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Dreams of Aveinha Part 2

Casey meets Rhiun, a sorceress who has offered to help him get home. But first, he must do something in return.

Photo by Tobias Tullius on Unsplash

Read previous parts here: Part 1

Casey opened the door to the tavern and stepped inside. The smoke from the fires stung his eyes, and the revolting smell made him want to retch. Through tears in his eyes, Casey looked around the room, searching for anyone who would remotely look like a wizard. The bar was to his left, and a grizzled barman stood behind it, wiping down a wooden mug with a filthy rag. In front and to the right were rows upon rows of benches, filled with a motley assortment of peasants, large men with a lethal assortment of weaponry, and women serving drinks. None of them looked like a wizard.

Casey approached the bar. The barman finished talking to one of the serving women, and Casey called out. “Excuse me, sir.” The barman looked at him as if a pile of crap had gained sentience and began speaking.

“Wha’ ye havin’,” he bellowed.

“Is there someone one named —.”

“I say wha’ ye havin’,” he repeated, cutting Casey off.

“Um, ale, I guess?”

The barman grabbed a wooden mug from the bar and filled it from a barrel on a shelf behind the bar. He slammed the wooden mug on the bar in front of Casey, and some of the liquid splashed out. It was warm and had the look and smell of stale piss. Casey reached for the mug to at least feign taking a sip then thought better of it.

“Thank you. Is there someone named Riyoon here?” He asked before the barman could walk away.

“Aye, Rhiun’s in the back,” he said gesturing behind him.

“Thanks,” Casey said, hefting the mug of ale off of the bar. He walked through the narrow spaces between the benches, feeling the hostile stares of the patrons as he passed. The tables towards the back of the bar were emptier than the ones in the front. Casey didn’t see anyone, except for a woman sitting alone, reading an ancient book. He guessed she was who he was looking for.

Casey approached the table, but before he could say anything, the woman held up a finger, instructing him to wait. After an uncomfortably long wait, the woman placed a ribbon in the book to mark her place and set it aside. She was beautiful and completely unlike what Casey had envisioned. When the man outside said “she,” he had imagined an old crone with a hooked nose, like something out of a fairy tale.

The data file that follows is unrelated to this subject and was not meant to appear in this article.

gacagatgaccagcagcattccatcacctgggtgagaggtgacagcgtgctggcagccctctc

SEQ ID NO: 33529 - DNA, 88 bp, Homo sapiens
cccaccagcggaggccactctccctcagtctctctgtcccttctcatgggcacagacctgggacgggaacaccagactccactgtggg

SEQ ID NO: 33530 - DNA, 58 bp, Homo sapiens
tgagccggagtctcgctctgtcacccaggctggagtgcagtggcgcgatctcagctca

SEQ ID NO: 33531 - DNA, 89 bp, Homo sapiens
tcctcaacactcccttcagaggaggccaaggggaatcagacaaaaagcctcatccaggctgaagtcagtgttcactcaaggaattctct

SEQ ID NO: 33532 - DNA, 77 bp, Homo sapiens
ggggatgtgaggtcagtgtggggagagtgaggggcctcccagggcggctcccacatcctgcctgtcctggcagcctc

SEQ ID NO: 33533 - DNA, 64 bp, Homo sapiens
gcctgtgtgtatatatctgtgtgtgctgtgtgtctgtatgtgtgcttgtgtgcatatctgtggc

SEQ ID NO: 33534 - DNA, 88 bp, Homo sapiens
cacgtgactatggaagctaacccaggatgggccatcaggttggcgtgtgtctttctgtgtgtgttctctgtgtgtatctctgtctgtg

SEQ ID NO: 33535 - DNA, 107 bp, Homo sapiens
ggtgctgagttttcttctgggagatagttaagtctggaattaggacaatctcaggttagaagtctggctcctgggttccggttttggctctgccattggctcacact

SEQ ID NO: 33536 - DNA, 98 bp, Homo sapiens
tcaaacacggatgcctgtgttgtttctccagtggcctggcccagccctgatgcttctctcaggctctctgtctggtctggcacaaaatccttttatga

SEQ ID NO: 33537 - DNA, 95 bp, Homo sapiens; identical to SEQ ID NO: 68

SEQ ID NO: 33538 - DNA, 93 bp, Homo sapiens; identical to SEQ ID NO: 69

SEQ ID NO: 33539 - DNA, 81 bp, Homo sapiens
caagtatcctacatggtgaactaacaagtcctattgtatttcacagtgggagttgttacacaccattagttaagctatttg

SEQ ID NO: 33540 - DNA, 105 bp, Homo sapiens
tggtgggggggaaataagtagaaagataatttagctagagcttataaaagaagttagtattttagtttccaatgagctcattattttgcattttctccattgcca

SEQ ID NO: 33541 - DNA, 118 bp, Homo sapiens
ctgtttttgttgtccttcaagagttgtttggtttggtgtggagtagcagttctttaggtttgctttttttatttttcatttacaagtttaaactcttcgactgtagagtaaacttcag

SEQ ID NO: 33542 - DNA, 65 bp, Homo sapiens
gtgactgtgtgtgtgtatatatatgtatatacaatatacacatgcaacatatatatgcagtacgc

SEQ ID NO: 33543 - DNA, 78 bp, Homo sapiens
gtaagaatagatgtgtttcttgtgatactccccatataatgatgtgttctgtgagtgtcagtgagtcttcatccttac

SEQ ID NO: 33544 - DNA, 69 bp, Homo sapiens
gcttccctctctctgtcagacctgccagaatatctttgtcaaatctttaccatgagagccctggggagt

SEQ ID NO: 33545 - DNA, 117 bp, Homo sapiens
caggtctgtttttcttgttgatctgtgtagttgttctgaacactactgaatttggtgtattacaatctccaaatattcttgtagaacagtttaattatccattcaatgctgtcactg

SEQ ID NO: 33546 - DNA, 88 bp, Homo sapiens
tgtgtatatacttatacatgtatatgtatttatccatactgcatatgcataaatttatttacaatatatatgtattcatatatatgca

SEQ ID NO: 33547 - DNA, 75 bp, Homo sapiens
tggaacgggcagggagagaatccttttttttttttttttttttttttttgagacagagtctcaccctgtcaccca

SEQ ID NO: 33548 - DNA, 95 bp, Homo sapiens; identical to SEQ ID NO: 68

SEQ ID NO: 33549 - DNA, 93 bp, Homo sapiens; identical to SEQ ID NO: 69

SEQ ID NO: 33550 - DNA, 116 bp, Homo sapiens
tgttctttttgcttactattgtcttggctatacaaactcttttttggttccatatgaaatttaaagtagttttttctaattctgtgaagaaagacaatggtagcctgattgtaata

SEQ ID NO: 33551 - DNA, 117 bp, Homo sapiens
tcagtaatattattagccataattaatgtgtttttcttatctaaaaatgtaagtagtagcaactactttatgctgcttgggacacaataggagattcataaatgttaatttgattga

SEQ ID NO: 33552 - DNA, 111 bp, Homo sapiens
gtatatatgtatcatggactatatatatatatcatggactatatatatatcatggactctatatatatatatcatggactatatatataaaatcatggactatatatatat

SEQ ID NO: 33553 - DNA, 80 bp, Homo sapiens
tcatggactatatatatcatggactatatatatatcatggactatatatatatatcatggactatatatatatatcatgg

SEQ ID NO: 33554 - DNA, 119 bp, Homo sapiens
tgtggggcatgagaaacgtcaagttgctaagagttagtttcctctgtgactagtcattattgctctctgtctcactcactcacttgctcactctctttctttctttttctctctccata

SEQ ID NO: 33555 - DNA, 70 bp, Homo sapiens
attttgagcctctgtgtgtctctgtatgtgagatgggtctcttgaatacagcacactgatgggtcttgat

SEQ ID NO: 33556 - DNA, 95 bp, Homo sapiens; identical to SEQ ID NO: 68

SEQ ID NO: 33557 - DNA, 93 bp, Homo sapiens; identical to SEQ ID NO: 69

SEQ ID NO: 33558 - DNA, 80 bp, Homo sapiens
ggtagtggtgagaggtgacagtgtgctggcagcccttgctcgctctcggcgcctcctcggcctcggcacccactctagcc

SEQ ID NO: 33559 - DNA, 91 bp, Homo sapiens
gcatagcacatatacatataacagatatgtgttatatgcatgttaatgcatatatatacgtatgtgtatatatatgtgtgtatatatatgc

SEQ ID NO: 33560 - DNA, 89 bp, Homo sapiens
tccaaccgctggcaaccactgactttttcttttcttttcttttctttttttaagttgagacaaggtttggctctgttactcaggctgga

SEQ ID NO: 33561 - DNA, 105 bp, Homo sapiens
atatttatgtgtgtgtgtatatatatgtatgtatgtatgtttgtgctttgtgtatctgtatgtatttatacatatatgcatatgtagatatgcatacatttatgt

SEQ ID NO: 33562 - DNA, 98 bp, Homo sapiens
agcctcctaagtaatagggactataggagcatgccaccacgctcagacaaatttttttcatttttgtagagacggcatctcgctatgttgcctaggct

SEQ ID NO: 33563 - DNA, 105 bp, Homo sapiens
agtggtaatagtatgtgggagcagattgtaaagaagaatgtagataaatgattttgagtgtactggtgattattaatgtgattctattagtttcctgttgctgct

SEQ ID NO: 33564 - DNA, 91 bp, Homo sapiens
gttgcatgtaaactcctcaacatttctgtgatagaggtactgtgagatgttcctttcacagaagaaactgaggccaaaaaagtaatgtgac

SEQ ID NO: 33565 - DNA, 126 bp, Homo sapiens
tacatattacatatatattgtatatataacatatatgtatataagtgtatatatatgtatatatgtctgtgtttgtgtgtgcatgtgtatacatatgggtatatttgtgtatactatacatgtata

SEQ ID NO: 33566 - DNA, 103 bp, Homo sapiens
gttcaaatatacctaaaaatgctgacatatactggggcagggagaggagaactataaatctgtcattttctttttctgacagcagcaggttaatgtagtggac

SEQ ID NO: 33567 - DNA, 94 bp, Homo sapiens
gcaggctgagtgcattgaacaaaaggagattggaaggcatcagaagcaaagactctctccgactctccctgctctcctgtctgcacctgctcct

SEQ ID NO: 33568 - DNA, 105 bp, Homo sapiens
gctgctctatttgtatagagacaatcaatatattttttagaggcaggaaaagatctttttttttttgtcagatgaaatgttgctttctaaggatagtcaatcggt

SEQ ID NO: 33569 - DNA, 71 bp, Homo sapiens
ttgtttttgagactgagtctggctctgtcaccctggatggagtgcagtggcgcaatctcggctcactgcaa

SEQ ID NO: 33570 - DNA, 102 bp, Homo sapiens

This woman was slender and dressed in elegant burgundy robes, trimmed with gold thread. Her shiny, black hair was pulled back with a silver clasp, allowing the ends to flow down her back. Her red lips parted in a smile, revealing rows of perfect white teeth.

“How may I assist you?” She said in a husky voice.

“A-are you, Riyun?” Casey said, still unsure of the pronunciation.

“Yes, I’m Rhiun,” she said, enunciating her name as if speaking to a small child. “And you are the traveler, I presume.”

“Yes, I think. How did you know that?”

“I have many ears around Aveinha. Please, have a seat,” she waved her bejeweled hand toward the bench across from her. Casey sat and shifted, wincing as splinters from the rough-hewn bench stabbed him in the ass.

“I heard from someone that you can get me home.”

“And where is home?”

“Los Angeles,” he said, the words feeling strange in his mouth, considering where he was.

“Los Angeles,” she said, slowly, contemplating each word. “That is a peculiar name. In what tongue is that?”


Rhiun nodded, no doubt having zero clue what Casey was talking about. “Unfortunately, I am unsure of how I to help you get home, considering I have never heard of such a place. How did you get here?”

“I don’t know. I was driving my car,” Casey paused when he saw a look of confusion on Rhiun’s face. “A wagon that can move without a horse. It was night, and I couldn’t see very well. I followed the road around a bend. Then, I woke up in someone’s bed. In a house, about an hour’s walk from here.”

Casey thought he saw Rhiun’s eyes widen when he said the last part. Did she know more than she was letting on?

“A very interesting story, indeed,” she said. “Carriages that can propel themselves. A strange land called Los Angeles.” She paused, causing Casey’s hopes to deflate. What would he do if she couldn’t help him? How would he get home? Would he have to spend the rest of his life living here? His heart raced, and he felt like he was choking on the smoky air. “But! I may be able to help you.”

Casey’s worries dissipated as quickly as they had come. “Really? Thank — .”

Rhiun held up a slender, manicured finger. “Before I can help you, I need you to do something for me.”

“Sure, anything,” Casey said, nodding. He would cut off his left arm if it meant getting back home.

“I need you to travel to another town to retrieve something for me. Something that may allow me to get you home.”

“So you know how I got here?” Casey exclaimed. “How? How did I get here? What is this place?”

“I believe your presence here results from the use of strange magics. But if you retrieve what I need, then I may be able to return you to your own world. First, let’s get you some proper clothing.” Rhiun stood, gesturing for Casey to follow her. Casey stood and fell in line behind her, when she turned and said, “Don’t forget your ale.”

~ ~ ~ ~

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Recommend0 Simily SnapsPublished in Adventure, All Stories, Fantasy, Fiction, Humor, Mystery/Thriller